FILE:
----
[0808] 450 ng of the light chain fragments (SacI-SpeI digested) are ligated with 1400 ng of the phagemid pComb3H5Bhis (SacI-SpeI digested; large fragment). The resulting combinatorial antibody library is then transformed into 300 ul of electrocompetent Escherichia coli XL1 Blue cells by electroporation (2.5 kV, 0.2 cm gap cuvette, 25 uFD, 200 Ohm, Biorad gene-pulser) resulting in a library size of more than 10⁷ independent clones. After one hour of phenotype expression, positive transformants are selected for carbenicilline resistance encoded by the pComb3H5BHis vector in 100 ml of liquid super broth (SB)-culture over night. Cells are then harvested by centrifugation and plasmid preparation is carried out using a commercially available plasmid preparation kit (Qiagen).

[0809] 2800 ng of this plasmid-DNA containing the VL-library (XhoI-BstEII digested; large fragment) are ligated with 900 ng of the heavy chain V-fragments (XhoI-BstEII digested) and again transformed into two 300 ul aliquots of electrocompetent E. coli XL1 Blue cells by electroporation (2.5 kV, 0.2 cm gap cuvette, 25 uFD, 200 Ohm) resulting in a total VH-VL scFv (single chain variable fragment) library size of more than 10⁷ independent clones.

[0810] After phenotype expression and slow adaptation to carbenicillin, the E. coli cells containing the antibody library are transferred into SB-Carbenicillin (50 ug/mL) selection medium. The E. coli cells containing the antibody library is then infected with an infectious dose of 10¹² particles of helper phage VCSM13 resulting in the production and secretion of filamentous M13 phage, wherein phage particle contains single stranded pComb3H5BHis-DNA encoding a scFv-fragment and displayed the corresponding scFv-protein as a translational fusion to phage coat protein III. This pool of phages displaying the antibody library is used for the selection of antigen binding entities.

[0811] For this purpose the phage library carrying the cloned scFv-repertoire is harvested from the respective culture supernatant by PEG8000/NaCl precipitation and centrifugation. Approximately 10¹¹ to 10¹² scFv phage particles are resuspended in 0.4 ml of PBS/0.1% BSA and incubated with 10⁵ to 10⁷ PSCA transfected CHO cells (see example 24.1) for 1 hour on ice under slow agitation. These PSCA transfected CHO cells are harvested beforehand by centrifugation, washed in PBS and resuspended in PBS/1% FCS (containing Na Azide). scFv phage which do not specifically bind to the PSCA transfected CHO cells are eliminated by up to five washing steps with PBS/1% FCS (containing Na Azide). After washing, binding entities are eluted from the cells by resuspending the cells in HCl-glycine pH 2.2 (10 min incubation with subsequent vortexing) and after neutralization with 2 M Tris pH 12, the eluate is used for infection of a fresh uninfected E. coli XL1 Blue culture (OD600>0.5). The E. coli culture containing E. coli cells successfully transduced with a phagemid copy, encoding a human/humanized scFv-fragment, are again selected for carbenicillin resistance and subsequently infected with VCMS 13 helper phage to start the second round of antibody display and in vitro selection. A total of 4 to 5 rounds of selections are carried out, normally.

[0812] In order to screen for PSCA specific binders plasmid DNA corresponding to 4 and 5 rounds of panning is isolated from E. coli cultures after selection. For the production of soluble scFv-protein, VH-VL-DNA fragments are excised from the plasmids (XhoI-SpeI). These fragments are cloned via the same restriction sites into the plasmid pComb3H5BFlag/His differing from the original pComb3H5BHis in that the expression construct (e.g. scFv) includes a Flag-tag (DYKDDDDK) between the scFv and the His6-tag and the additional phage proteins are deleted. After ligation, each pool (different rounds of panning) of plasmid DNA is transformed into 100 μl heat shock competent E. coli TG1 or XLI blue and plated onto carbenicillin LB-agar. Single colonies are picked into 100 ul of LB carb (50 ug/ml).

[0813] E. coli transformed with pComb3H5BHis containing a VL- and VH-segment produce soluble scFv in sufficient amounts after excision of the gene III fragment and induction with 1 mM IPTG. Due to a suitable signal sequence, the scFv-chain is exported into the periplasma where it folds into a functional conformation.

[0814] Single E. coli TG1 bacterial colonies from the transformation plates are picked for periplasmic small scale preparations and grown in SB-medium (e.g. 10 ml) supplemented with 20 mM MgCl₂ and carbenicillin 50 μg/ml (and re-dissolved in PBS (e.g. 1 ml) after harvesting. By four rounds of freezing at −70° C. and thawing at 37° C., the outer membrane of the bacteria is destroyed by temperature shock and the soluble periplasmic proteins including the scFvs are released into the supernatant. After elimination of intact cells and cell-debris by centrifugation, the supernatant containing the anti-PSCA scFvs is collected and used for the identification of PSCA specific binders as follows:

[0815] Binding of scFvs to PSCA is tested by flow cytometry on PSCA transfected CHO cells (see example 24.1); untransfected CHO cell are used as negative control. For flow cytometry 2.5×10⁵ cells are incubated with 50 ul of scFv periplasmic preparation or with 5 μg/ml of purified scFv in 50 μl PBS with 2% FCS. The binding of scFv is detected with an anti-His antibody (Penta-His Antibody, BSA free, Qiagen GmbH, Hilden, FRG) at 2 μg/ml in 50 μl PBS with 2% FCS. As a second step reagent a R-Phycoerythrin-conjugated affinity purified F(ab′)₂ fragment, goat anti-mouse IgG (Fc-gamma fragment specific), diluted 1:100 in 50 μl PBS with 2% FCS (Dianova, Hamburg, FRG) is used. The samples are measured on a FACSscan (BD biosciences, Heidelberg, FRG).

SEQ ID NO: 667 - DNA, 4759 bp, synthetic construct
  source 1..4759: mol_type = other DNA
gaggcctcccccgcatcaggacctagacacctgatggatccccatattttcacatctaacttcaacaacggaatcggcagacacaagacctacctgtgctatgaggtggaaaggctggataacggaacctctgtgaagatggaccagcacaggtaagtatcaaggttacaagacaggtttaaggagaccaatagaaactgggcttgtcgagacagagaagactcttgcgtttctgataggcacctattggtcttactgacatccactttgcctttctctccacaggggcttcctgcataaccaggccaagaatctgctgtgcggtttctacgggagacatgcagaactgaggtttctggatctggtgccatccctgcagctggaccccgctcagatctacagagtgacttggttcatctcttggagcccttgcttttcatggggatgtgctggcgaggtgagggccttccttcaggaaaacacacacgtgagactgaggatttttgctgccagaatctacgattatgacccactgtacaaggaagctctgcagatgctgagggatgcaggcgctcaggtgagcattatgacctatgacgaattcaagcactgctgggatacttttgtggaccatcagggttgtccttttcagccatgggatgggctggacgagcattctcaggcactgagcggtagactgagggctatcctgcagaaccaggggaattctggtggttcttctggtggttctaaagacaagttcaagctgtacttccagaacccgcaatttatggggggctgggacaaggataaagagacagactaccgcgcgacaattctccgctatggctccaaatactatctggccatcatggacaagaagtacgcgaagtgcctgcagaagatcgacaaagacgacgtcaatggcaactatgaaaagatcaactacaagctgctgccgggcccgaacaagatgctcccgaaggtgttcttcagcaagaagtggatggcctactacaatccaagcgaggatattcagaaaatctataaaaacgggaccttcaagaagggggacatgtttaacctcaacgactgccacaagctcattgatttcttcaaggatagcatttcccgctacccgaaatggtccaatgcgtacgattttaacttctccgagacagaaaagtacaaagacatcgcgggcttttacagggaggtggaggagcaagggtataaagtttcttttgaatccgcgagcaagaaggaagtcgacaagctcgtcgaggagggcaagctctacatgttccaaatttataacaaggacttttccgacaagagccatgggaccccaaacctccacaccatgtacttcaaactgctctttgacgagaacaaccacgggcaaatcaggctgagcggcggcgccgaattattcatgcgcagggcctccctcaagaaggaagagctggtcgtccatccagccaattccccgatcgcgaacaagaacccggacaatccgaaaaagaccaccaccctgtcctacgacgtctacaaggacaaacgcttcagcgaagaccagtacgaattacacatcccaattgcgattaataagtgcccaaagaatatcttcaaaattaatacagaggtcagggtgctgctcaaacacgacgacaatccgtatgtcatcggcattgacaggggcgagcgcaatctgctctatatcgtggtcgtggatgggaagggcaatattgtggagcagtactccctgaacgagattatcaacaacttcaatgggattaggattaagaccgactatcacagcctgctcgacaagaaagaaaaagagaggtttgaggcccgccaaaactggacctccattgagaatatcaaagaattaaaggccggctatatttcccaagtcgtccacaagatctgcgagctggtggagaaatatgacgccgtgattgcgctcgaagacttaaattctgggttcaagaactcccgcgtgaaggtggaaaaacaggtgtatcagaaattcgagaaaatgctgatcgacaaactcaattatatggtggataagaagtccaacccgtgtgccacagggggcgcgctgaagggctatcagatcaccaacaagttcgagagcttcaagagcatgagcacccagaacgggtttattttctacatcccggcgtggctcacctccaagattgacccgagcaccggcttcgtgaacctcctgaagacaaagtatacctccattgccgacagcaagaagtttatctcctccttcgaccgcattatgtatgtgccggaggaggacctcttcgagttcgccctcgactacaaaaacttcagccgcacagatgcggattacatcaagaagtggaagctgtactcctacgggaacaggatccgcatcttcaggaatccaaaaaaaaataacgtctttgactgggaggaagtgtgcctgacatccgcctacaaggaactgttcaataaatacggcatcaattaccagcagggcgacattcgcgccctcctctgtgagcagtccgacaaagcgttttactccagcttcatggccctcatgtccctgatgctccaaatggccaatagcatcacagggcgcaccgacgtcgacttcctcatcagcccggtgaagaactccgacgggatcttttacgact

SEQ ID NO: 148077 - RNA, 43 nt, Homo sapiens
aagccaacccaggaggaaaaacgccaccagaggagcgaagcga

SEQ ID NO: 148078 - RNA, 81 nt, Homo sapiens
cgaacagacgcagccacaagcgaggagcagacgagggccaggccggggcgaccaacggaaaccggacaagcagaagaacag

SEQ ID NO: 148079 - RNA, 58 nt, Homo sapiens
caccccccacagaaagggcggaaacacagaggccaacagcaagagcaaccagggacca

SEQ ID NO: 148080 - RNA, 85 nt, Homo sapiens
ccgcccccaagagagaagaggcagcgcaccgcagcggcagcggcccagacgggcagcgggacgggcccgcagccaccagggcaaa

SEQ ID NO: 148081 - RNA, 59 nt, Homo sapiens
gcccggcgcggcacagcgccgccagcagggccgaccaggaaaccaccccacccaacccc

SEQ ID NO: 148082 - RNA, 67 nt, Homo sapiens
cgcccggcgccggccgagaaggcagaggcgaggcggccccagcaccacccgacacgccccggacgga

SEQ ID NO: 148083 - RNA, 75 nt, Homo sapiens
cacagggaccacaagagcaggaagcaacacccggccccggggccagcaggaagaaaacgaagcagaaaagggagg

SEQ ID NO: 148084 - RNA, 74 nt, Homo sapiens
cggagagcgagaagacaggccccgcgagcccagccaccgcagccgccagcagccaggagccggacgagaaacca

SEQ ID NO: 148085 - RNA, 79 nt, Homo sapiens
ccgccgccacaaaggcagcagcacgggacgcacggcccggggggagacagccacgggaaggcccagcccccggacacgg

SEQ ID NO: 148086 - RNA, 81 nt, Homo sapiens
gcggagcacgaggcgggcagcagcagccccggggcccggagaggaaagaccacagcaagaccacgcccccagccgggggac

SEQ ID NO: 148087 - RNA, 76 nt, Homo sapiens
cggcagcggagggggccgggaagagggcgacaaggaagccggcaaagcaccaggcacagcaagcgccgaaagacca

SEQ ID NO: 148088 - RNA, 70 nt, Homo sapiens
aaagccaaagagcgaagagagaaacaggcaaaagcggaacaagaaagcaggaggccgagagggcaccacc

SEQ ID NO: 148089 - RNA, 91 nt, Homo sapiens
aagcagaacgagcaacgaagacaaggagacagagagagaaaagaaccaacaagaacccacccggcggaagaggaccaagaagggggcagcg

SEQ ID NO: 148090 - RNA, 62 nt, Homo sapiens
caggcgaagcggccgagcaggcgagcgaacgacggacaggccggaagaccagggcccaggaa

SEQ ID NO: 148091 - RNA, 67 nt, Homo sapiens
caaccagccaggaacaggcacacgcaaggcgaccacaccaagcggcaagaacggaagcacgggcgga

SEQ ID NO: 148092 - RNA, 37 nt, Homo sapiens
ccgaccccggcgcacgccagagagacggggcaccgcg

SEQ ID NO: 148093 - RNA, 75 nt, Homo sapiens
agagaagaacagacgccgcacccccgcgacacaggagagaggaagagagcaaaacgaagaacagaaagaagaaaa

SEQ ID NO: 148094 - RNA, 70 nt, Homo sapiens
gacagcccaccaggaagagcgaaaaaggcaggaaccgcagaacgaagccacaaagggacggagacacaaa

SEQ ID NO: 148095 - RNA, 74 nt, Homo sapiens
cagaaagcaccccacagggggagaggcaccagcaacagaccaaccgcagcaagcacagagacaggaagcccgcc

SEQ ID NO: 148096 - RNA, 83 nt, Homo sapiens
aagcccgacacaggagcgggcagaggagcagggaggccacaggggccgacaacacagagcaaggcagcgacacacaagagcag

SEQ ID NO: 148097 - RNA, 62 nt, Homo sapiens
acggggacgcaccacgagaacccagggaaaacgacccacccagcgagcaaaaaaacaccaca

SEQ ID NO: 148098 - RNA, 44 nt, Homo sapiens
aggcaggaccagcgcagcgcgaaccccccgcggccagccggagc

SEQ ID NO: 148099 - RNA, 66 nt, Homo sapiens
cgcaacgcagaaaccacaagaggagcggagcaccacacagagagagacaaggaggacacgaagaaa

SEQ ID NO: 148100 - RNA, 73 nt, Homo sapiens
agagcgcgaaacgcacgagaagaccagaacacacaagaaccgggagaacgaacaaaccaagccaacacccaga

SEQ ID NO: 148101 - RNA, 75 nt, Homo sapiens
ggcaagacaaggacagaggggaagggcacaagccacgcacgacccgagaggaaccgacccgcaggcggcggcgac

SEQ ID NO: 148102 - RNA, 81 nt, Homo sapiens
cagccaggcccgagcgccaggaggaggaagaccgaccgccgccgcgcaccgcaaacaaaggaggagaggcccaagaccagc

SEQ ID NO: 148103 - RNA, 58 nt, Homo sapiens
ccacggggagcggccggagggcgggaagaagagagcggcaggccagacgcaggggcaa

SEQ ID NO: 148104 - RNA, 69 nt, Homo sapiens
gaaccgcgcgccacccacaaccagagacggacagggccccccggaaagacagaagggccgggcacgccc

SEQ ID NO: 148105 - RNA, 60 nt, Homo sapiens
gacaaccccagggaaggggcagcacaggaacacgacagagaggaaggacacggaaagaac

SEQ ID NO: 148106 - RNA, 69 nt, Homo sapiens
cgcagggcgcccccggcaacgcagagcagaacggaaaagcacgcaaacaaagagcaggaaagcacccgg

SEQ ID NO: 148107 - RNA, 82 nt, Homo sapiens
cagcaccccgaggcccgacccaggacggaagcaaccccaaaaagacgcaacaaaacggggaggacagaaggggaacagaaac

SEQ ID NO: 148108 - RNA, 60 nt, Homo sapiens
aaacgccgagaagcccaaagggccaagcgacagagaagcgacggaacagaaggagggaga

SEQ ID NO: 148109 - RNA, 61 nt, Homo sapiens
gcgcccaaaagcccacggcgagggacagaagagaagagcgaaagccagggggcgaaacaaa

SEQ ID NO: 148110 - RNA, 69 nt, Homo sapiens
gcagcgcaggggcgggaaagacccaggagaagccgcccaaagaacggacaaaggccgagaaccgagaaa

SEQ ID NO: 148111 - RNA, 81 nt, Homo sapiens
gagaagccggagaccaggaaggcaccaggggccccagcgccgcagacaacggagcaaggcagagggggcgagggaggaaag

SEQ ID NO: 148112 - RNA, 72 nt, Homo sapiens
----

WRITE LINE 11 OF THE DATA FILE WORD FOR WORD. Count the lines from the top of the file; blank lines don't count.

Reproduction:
gaggcctcccccgcatcaggacctagacacctgatggatccccatattttcacatctaacttcaacaacggaatcggcagacacaagacctacctgtgctatgaggtggaaaggctggataacggaacctctgtgaagatggaccagcacaggtaagtatcaaggttacaagacaggtttaaggagaccaatagaaactgggcttgtcgagacagagaagactcttgcgtttctgataggcacctattggtcttactgacatccactttgcctttctctccacaggggcttcctgcataaccaggccaagaatctgctgtgcggtttctacgggagacatgcagaactgaggtttctggatctggtgccatccctgcagctggaccccgctcagatctacagagtgacttggttcatctcttggagcccttgcttttcatggggatgtgctggcgaggtgagggccttccttcaggaaaacacacacgtgagactgaggatttttgctgccagaatctacgattatgacccactgtacaaggaagctctgcagatgctgagggatgcaggcgctcaggtgagcattatgacctatgacgaattcaagcactgctgggatacttttgtggaccatcagggttgtccttttcagccatgggatgggctggacgagcattctcaggcactgagcggtagactgagggctatcctgcagaaccaggggaattctggtggttcttctggtggttctaaagacaagttcaagctgtacttccagaacccgcaatttatggggggctgggacaaggataaagagacagactaccgcgcgacaattctccgctatggctccaaatactatctggccatcatggacaagaagtacgcgaagtgcctgcagaagatcgacaaagacgacgtcaatggcaactatgaaaagatcaactacaagctgctgccgggcccgaacaagatgctcccgaaggtgttcttcagcaagaagtggatggcctactacaatccaagcgaggatattcagaaaatctataaaaacgggaccttcaagaagggggacatgtttaacctcaacgactgccacaagctcattgatttcttcaaggatagcatttcccgctacccgaaatggtccaatgcgtacgattttaacttctccgagacagaaaagtacaaagacatcgcgggcttttacagggaggtggaggagcaagggtataaagtttcttttgaatccgcgagcaagaaggaagtcgacaagctcgtcgaggagggcaagctctacatgttccaaatttataacaaggacttttccgacaagagccatgggaccccaaacctccacaccatgtacttcaaactgctctttgacgagaacaaccacgggcaaatcaggctgagcggcggcgccgaattattcatgcgcagggcctccctcaagaaggaagagctggtcgtccatccagccaattccccgatcgcgaacaagaacccggacaatccgaaaaagaccaccaccctgtcctacgacgtctacaaggacaaacgcttcagcgaagaccagtacgaattacacatcccaattgcgattaataagtgcccaaagaatatcttcaaaattaatacagaggtcagggtgctgctcaaacacgacgacaatccgtatgtcatcggcattgacaggggcgagcgcaatctgctctatatcgtggtcgtggatgggaagggcaatattgtggagcagtactccctgaacgagattatcaacaacttcaatgggattaggattaagaccgactatcacagcctgctcgacaagaaagaaaaagagaggtttgaggcccgccaaaactggacctccattgagaatatcaaagaattaaaggccggctatatttcccaagtcgtccacaagatctgcgagctggtggagaaatatgacgccgtgattgcgctcgaagacttaaattctgggttcaagaactcccgcgtgaaggtggaaaaacaggtgtatcagaaattcgagaaaatgctgatcgacaaactcaattatatggtggataagaagtccaacccgtgtgccacagggggcgcgctgaagggctatcagatcaccaacaagttcgagagcttcaagagcatgagcacccagaacgggtttattttctacatcccggcgtggctcacctccaagattgacccgagcaccggcttcgtgaacctcctgaagacaaagtatacctccattgccgacagcaagaagtttatctcctccttcgaccgcattatgtatgtgccggaggaggacctcttcgagttcgccctcgactacaaaaacttcagccgcacagatgcggattacatcaagaagtggaagctgtactcctacgggaacaggatccgcatcttcaggaatccaaaaaaaaataacgtctttgactgggaggaagtgtgcctgacatccgcctacaaggaactgttcaataaatacggcatcaattaccagcagggcgacattcgcgccctcctctgtgagcagtccgacaaagcgttttactccagcttcatggccctcatgtccctgatgctccaaatggccaatagcatcacagggcgcaccgacgtcgacttcctcatcagcccggtgaagaactccgacgggatcttttacgact